A CRT is a tax-exempt trust in which assets are transferred to a qualified charity that invests the proceeds and pays a distribution to the donor or a designated income beneficiary for a set term. At the end of that designated time, which could be the donor’s lifetime or for a term of up to 20 years, the remaining assets – aka, the “remainder” – go to the charity.
Similar to how a DAF allows donors to change the charitable organizations that benefit from the fund, CRTs also allow donors to change the charitable remainder beneficiaries as often as they want, as long as the trust document permits them to do so. Like a DAF, a CRT can receive non-cash gifts and help to reduce the tax impact of appreciated assets.
While the initial donation of the assets can create tax deductions, distributions paid by the trust for the donor or their designated beneficiaries are taxable.
Funding a DAF or CRT through an estate
For a client who has long-term charitable objectives, the DAF and CRT offer sound options for testamentary giving.
Both can help your clients accomplish charitable giving goals, and both deliver certain estate tax benefits. Specifically, a DAF creates a 100% charitable deduction for the value of donated assets. A CRT, on the other hand, creates a present-value charitable deduction equal to the value expected ultimately to go to the charity designated to receive the remainder. Both a DAF and CRT can allow an estate to avoid certain IRD (income in respect of a decedent) taxes.
Regardless of the option chosen, a client would need to ensure that the legwork to establish a DAF or CRT is done ahead of time. Neither vehicle is difficult to create, and Ren can assist you and your client in the process. Once the DAF or CRT is established, the next step is simple: The client needs only to designate the fund or trust as a beneficiary in their will. An added benefit? The DAF or CRT also can be listed as a beneficiary of a retirement plan or life insurance policy.
Start with the estate plan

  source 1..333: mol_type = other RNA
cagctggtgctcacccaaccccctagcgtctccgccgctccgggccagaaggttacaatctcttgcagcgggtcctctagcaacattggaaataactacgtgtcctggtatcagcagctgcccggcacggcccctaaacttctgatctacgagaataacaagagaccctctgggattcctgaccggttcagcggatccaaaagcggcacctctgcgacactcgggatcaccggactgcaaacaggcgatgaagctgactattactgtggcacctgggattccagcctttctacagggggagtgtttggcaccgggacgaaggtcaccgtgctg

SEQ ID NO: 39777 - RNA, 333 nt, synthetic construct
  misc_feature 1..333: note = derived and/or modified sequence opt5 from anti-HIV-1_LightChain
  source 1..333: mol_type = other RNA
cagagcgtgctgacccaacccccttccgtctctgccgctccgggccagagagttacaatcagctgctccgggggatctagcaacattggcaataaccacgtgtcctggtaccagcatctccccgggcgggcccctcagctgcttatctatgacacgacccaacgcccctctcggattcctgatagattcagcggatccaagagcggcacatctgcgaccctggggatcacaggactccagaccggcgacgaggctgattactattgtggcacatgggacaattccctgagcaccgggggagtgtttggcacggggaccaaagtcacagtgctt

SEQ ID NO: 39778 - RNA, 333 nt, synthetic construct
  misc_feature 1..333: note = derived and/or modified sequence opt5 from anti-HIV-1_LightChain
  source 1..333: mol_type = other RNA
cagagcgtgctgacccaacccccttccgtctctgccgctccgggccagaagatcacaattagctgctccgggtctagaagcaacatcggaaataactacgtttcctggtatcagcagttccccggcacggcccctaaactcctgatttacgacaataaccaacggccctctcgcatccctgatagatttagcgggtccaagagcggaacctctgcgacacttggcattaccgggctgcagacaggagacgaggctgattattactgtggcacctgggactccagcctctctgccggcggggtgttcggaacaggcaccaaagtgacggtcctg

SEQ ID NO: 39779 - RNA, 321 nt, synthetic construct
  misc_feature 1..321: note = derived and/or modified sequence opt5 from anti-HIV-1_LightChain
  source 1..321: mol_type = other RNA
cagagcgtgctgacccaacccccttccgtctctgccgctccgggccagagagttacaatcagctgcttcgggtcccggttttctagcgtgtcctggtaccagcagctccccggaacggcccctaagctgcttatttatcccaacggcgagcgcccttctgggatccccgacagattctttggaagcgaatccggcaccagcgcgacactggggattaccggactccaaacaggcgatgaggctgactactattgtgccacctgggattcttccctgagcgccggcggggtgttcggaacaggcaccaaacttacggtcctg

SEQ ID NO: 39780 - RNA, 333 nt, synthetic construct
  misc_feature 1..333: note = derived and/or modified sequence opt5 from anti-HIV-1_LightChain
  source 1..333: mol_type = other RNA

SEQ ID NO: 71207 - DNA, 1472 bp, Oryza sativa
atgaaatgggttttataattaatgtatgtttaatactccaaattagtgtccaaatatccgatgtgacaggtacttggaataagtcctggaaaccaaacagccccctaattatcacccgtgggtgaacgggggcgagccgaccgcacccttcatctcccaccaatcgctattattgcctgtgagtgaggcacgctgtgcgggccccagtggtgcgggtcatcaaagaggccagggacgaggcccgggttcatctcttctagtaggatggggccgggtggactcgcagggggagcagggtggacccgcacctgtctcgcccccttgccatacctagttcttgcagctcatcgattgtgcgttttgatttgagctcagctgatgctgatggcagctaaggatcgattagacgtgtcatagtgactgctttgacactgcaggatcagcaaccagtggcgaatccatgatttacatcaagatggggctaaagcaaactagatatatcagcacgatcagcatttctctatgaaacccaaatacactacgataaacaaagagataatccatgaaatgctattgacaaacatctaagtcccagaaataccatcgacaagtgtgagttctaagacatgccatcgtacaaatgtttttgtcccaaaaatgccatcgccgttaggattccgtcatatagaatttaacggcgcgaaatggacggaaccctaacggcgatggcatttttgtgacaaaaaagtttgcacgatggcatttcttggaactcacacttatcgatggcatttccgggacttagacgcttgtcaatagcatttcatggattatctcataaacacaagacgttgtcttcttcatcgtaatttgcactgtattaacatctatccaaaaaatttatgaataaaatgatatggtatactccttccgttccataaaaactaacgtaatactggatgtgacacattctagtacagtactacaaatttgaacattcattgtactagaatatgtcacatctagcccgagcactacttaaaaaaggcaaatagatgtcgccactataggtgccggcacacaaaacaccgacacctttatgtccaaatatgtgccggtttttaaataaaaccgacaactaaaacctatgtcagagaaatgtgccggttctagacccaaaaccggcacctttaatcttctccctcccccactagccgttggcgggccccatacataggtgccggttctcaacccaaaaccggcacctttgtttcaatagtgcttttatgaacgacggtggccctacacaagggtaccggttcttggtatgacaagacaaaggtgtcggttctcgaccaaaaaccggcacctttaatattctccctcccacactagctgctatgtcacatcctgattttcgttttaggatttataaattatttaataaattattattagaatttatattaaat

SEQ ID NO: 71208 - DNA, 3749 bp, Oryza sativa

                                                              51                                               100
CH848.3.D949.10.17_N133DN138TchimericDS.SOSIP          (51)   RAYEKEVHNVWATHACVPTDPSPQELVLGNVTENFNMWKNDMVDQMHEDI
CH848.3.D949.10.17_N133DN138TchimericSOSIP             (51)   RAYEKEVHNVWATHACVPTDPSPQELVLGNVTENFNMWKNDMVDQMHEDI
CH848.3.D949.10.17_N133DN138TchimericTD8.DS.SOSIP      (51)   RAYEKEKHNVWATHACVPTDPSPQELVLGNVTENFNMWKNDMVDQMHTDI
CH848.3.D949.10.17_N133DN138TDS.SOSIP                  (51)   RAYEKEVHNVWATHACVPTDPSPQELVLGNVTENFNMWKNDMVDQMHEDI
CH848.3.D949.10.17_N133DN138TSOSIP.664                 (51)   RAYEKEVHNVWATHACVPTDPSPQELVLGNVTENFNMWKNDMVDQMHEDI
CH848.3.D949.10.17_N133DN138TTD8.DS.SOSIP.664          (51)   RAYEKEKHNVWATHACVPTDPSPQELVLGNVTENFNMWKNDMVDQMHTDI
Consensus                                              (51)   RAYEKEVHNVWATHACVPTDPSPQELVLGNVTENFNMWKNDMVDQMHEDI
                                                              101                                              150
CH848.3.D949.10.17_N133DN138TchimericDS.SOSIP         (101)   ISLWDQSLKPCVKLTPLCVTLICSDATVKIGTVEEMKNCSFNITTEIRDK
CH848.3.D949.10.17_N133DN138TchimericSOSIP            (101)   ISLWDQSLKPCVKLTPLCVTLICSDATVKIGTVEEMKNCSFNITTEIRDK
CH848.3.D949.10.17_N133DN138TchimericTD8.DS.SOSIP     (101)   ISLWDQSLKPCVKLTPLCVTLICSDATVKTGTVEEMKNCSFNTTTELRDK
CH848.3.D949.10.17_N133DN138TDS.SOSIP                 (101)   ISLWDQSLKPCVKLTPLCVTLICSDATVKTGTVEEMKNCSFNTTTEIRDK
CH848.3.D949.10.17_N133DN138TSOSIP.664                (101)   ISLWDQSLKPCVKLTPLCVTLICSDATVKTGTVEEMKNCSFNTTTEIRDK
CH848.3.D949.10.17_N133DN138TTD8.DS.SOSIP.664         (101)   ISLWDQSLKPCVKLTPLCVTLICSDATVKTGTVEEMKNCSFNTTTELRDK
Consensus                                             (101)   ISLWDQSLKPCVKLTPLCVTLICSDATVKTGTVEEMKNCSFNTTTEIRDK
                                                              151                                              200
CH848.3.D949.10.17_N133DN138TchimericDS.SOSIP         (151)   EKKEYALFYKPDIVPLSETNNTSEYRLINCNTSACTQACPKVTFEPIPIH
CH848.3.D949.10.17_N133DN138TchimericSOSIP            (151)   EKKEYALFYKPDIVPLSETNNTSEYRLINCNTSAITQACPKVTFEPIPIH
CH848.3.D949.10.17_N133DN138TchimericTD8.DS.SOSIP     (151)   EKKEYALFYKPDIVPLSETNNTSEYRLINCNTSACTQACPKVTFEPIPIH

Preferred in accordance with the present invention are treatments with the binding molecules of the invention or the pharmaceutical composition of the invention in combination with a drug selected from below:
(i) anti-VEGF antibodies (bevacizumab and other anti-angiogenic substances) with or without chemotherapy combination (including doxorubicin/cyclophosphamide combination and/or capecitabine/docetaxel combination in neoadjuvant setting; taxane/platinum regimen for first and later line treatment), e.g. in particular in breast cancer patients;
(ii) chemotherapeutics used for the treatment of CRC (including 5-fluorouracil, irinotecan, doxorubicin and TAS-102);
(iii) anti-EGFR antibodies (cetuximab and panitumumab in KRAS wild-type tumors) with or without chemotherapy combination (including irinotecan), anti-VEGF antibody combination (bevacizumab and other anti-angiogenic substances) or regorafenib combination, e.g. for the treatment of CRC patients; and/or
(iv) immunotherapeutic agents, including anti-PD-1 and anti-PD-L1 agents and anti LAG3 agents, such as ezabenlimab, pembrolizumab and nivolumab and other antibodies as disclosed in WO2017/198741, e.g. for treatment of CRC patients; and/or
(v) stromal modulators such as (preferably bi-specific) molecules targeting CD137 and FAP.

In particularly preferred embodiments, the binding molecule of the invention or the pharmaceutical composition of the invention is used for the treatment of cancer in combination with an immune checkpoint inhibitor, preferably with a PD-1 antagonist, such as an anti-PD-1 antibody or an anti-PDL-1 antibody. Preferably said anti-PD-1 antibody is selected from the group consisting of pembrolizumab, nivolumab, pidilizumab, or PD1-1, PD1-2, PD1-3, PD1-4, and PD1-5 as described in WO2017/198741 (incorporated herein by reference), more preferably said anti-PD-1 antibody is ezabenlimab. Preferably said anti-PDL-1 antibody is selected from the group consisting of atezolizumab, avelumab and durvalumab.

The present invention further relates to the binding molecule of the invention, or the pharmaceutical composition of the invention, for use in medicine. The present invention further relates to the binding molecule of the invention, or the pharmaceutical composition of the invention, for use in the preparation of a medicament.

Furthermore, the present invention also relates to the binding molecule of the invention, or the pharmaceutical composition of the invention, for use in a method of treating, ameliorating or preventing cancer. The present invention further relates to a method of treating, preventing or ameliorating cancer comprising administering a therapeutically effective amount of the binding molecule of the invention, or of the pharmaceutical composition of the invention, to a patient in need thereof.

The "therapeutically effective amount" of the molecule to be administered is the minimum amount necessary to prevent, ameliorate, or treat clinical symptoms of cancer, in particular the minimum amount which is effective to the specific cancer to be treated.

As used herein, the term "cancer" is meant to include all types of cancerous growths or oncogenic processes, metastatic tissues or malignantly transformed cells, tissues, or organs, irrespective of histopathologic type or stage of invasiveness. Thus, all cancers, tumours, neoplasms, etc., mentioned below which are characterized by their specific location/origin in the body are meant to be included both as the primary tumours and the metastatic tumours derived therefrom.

Much of this discussion has turned on one key assumption: That your client has a will. Unfortunately, a surprising number of Americans don’t. In fact, one recent survey found that only 32% of Americans have any type of estate planning document, and 40% of Americans say they’ll wait until they feel their life is nearing its end to create one.
So start there, using the conversation to learn more about your client’s long-term goals. As you talk about a longer horizon, ask your client about what is important to them. How much of their wealth do they want to see going to their heirs, and how might their likely estate tax liability affect their ability to reach that goal? What would be the best way to go about distributing that wealth? What causes or charity matter to them, and do they have plans to leave any wealth to them? How might those considerations work in tandem to deliver the most impact?
As a part of this conversation, urge your client to think about specific amounts or percentages of their wealth they would like to pass on to heirs or charities. Then consider how a DAF or CRT might help them reach those goals, remembering that, while each approach offers a number of benefits, they do have key differences.
With so many Americans giving to charity, and so many planning to do so through their estates, most clients expect financial advisors to discuss charitable giving with them. Going into the conversation with a clear understanding of beneficial options will simply make you more valuable to your clients, and better equipped to help them reach their long-term financial goals.
If you’d like to learn more about the way you can help your clients reach their philanthropic goals, talk to our experts at Ren.